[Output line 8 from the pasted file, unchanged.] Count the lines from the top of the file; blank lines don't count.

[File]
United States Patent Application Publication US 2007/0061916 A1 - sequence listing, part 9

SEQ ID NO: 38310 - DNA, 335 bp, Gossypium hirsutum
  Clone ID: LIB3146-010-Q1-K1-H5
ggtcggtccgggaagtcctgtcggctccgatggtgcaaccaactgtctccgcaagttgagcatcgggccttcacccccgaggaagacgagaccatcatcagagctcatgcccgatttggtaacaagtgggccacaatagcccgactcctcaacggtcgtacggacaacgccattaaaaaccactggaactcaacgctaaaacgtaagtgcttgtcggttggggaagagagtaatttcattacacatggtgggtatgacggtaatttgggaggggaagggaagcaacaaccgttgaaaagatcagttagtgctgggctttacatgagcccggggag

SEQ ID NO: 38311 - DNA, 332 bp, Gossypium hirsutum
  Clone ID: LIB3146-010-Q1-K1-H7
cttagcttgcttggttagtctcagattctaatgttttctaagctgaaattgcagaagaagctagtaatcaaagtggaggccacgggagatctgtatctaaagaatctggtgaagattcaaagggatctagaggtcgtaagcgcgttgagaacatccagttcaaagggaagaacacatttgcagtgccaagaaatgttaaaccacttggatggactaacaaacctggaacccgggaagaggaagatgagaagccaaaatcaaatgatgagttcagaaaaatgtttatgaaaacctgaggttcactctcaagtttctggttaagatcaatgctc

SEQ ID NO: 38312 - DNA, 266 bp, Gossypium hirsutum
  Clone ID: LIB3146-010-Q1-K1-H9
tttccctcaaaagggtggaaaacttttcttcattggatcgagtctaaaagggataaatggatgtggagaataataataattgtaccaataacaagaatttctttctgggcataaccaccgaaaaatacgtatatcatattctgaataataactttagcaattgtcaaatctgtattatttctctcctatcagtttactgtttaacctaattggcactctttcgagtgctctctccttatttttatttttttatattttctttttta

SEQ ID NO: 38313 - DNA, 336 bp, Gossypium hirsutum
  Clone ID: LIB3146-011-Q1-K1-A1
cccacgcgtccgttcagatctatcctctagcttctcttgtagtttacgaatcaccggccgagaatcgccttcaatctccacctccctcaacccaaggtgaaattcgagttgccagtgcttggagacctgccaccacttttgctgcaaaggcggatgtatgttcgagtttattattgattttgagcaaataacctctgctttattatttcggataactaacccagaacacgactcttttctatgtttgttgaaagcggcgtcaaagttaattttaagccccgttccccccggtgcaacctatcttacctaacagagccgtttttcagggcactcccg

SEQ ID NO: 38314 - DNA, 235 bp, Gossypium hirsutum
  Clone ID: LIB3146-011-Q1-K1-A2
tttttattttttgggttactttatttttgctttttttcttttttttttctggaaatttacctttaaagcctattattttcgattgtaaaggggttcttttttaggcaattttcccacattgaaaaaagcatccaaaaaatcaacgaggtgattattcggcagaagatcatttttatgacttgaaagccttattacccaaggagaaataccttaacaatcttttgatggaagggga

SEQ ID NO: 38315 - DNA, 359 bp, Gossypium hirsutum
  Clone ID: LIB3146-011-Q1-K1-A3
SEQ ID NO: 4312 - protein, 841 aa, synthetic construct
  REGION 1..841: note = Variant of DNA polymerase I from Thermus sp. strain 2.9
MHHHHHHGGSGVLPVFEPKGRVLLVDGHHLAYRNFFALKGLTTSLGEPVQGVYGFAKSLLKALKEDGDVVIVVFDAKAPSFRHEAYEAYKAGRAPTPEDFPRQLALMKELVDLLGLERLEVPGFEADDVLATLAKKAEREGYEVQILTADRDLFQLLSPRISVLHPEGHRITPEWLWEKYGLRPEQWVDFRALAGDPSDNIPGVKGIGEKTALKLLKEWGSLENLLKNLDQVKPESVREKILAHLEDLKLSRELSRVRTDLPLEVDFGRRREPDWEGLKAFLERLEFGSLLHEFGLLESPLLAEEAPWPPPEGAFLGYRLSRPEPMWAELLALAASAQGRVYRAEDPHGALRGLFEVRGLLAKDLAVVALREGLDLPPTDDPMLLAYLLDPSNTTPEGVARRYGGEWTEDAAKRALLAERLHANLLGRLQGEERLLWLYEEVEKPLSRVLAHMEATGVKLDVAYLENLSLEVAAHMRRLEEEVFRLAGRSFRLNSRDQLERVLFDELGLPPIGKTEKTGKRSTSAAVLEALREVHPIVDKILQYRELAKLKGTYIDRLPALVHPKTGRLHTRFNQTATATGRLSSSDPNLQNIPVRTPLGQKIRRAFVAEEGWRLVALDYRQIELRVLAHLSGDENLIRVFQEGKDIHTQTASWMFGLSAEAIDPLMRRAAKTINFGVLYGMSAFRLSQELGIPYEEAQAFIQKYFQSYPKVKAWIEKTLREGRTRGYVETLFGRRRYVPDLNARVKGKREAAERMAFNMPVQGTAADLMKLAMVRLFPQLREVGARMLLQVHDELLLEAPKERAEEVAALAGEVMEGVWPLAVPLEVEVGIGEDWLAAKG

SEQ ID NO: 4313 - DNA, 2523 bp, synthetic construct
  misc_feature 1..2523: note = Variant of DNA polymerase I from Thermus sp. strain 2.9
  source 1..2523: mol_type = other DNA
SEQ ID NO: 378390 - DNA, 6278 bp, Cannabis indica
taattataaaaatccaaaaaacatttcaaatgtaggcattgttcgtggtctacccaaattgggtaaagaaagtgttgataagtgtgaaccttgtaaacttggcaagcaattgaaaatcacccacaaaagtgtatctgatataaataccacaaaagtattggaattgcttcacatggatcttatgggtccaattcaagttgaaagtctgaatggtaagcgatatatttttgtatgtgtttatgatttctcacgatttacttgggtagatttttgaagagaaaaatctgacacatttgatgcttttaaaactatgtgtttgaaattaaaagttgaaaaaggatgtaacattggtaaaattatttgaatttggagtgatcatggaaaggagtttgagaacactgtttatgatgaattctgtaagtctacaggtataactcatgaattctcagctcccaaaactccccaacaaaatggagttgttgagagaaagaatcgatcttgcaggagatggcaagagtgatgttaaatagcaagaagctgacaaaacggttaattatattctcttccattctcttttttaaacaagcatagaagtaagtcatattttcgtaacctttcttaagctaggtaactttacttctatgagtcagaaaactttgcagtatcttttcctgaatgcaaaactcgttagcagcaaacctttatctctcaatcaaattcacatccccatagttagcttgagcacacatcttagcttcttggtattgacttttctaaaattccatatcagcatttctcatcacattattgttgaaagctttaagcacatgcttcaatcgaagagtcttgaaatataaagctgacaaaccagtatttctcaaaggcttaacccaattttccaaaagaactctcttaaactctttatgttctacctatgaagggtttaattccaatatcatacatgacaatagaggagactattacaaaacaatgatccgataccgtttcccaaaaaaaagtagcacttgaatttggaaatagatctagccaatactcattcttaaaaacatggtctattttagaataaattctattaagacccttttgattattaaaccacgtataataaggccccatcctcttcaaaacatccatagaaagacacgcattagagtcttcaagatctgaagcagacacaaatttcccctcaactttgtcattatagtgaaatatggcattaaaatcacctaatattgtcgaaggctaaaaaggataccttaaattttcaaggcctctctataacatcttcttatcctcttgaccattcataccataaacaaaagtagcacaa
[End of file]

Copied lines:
SEQ ID NO: 38312 - DNA, 266 bp, Gossypium hirsutum